Difficulty: Moderate to hard
Permit: Available from Thesen Island office, in Knysna, or Diepwalle Forestry Station
Thesen Island Office – 044 302 5600
Diepwalle Forestry Station – 044 382 9762/3
DIRECTIONS TO DIEPWALLE
From Knysna, take the N2 towards Plettenberg Bay. After 4km take the R339 Uniondale turnoff to the left and follow this road for 15.5km. The turnoff to Diepwalle is to the right. Garden of Eden is right next to the N2, 15km from Knysna towards Plettenberg Bay.
HARKERVILLE RED ROUTE
This trail is situated in the Harkerville Forest between Knysna and Plettenberg Bay. Known as the longest and hardest of the four routes offered, it is said to be one of the most picturesque in the country and the oldest established ride in the area. It takes you through deep indigenous forest and fynbos with incredible coastal views along the way; 22km in length with more than 10km of singletrack. It’s definitely a ride to remember and has begun to recover beautifully from the devastating fires that ravaged the area in 2017.
DISTANCE: 22km, 3-5 hours
DIFFICULTY: Moderate to hard
PERMITS: Available from Thesen Island office, in Knysna, or Garden of Eden
Thesen Island Office – 044 302 5600
Garden of Eden – 044 532 7793
DIRECTIONS TO GARDEN OF EDEN
From Knysna, drive out towards Plettenberg Bay, keep an eye out for the Garden of Eden parking on your left.
GARDEN ROUTE TRAIL PARK
Based in the foothills of the Outeniqua Mountains, the routes lie within the Karatara River Gorge. This established trail park is privately owned by Rob Dormehl and is constantly evolving and growing. It is well marked and consists of only singletrack rides. It also has a park-and-ride option with showers, a dorm-style backpackers and swimming pool. The Garden Route Trail park offers the most unique singletrack rides in the region with six interlinking loops: Lunacy Lane – 16km, Mountain Mania – 19km, Full Loop 30km, Jungle Fever – 16km, Forest Frenzy – 10km, and Crazy Creek – 14km. Two new loops were recently introduced: Manic Monkeys – 12km and Mad Cows ‒ 10km.
The trails link directly with SANParks’ Farleigh MTB routes. Three marked rides with over 50km of forests, fynbos, big mountain climbs and amazing views.
A permit is required. For safety and security reasons, they operate cashless and paperless. Download the mySOS app to purchase your permit. You will receive a code via SMS. Hand the mySOS code to staff to receive an entry wristband.
Rob Dormehl – 082 802 8103
DIRECTIONS TO DORMEHL FARMS
Take the Karatara turnoff on the N2 between Knysna and Sedgefield and follow the road towards Barrington.
GRIND THE GRAVEL
The Garden Route region is scattered with gravel roads and makes up almost 80% of the travelling here. For the cyclist who wants to wander off on his bike but not necessarily leave the road, this is paradise. We will start with Thomas Bain’s Seven Passes road. The road has tarred sections but is predominantly gravel.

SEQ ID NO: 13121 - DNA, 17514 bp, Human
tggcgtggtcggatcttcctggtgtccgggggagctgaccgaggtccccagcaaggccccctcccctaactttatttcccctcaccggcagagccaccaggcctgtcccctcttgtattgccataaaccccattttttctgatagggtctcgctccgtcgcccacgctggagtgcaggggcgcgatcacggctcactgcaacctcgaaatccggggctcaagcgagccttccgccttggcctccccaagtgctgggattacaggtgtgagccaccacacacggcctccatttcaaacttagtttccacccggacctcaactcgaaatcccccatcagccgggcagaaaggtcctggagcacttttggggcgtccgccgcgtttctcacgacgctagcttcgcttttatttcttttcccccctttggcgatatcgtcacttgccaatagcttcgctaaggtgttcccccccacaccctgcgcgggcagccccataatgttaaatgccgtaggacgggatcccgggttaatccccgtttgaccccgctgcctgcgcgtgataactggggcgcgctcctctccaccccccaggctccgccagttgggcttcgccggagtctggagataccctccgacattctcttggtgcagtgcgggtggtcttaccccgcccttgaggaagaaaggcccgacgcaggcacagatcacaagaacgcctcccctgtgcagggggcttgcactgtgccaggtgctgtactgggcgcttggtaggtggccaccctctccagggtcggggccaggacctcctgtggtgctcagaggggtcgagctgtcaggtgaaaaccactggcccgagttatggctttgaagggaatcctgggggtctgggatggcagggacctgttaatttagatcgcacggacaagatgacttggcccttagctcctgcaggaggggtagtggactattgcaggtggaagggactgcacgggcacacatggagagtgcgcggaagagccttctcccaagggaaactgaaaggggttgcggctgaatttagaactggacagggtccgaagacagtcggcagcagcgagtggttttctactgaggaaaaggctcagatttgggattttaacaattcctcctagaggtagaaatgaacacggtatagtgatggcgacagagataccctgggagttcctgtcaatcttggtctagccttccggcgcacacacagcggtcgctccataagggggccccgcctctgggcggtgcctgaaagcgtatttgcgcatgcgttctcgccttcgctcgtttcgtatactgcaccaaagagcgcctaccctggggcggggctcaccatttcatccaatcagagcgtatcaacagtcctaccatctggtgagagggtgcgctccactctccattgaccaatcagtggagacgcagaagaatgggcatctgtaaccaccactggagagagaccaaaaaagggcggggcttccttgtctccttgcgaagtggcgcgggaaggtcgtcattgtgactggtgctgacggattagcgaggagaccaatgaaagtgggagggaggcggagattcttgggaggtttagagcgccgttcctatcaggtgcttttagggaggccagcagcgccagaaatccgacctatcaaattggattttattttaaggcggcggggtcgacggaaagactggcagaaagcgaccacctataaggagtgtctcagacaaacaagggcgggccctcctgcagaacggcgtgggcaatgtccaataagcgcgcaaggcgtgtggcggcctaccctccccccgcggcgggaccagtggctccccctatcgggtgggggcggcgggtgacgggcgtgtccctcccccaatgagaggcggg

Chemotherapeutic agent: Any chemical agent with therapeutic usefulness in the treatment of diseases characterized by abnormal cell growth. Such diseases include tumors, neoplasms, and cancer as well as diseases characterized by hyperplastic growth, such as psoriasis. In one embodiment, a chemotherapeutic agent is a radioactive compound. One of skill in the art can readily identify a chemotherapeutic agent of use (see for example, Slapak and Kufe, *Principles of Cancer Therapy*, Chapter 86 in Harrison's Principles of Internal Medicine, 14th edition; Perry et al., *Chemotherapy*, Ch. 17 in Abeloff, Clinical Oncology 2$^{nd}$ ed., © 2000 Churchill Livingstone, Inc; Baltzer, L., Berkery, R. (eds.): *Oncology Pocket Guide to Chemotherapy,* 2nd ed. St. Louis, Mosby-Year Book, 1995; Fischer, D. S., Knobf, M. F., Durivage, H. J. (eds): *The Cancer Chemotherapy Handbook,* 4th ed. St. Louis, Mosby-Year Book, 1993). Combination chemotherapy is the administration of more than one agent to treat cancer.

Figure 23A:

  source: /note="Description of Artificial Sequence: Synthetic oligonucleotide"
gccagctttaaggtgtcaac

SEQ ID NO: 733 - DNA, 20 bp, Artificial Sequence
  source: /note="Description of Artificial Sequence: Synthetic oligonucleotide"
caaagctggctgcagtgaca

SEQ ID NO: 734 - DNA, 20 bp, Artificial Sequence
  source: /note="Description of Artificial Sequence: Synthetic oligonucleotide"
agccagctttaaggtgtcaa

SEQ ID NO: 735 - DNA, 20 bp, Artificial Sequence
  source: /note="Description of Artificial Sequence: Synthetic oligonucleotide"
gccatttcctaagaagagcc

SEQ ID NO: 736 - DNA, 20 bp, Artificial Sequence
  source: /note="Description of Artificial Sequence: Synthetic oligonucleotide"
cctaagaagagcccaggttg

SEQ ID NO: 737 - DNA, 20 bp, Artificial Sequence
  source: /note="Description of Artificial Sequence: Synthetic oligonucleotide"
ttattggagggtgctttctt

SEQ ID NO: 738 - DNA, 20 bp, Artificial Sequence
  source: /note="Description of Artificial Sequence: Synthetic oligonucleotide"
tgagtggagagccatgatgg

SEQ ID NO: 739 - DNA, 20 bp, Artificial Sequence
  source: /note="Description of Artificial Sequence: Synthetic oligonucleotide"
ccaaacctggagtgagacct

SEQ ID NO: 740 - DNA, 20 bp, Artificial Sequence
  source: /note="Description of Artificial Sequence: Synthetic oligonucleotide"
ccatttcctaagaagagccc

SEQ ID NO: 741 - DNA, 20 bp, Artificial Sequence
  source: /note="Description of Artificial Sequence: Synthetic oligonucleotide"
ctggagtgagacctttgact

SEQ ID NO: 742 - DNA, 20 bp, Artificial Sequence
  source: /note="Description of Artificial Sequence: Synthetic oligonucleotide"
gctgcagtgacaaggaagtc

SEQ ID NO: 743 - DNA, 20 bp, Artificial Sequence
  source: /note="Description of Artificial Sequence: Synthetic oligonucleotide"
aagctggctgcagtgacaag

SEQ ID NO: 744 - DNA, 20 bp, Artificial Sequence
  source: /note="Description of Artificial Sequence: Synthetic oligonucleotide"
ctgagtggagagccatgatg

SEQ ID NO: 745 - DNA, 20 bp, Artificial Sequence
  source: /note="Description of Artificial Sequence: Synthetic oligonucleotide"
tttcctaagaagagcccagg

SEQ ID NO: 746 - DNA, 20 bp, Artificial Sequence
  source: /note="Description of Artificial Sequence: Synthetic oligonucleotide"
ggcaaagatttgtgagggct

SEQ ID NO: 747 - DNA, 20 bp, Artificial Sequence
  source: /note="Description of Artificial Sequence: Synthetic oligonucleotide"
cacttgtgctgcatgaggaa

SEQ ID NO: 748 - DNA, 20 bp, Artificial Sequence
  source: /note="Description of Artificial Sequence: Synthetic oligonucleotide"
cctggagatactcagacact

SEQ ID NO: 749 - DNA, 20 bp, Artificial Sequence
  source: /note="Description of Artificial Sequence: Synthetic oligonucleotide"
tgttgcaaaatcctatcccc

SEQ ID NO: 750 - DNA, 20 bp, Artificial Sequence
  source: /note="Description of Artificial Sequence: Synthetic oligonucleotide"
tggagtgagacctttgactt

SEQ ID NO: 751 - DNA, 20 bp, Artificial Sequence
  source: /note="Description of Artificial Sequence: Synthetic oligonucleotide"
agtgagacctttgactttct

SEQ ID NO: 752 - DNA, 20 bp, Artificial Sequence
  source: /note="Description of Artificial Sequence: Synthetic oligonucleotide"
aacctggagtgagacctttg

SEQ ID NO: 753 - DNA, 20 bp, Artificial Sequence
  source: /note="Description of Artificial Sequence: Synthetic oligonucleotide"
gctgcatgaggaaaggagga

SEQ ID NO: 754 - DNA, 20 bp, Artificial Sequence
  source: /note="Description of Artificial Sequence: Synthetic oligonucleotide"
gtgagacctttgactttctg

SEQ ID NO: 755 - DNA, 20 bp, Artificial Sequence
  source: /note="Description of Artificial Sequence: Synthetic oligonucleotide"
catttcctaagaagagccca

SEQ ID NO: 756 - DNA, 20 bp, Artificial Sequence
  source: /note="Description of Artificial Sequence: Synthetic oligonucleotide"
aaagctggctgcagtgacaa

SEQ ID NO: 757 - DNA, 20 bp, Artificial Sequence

Start your ride in Knysna and head towards Phantom Pass, the last of the passes to have been built in the early 1900s. This climb will take through you to the Rheenendal Road T-junction. Take a right and cycle along the rich farmlands towards Homtini Pass. This takes you back onto the gravel and drops down to the last built bridge along this road. It is surrounded with natural forest and is probably the most scenic part of the passes road. Once you cross the bridge, it climbs back to the rolling hills of the countryside. Ride towards Barrington and the Garden Route Trail Park for your turnaround point.
For the more adventurous, continue along this road. It will cross over two more bridge passes: Karatara and Hoogekraal and take you towards the hamlet of Hoekwil. This is recommended as a one-way ride for the day. This route covers ±75km of road from Knysna to Barrington and an extra 35km to Hoekwil.
Simola Hill’s top parking point ‒ just outside the gates to the hotel ‒ is closer to Knysna and is a regular meeting point for much of the local cycling community, offering access to gravel riding and mountain biking trails that stretch forever. You can head off to the Gouna section. It winds down to the Knysna river and then a steep climb to the forest which links up with the famous Kom se Pad in the SANParks reserve. You follow the road to the R339 and work your way back along the gravel road. The road then turns off to the right and follows the contour of the forestry portion until it meets up at the Simola park point. This is a highly recommended ride.
Both form part of the Cross Cape Cycle Route which starts in Cape Town and ends in Plettenberg Bay.
For more information on the Cross Cape, click along to www.capecycleroutes.co.za.
For the avid cyclist who wishes to explore the back roads of the region, collect your Trail Pass map and buy your annual seasonal permit at the nearest cycle shop. This Club 100 initiative charts the gravel roads between Uniondale, Plettenberg Bay and Knysna. Most of the trails are within the MTO forest and cross over to SANParks reserves. With the huge variety of gravel to choose from, you will be spoilt for choice.
These back roads are pretty isolated and preparation is a must. Make sure you have ample water and snacks to eat.
On the fun side, cyclists are social and there is a definite coffee culture among them. Most of the bike shops have a coffee machine and the staff are ready and waiting to serve you.
Alternatively, enjoy the local hospitality of the Garden Route coffee shops.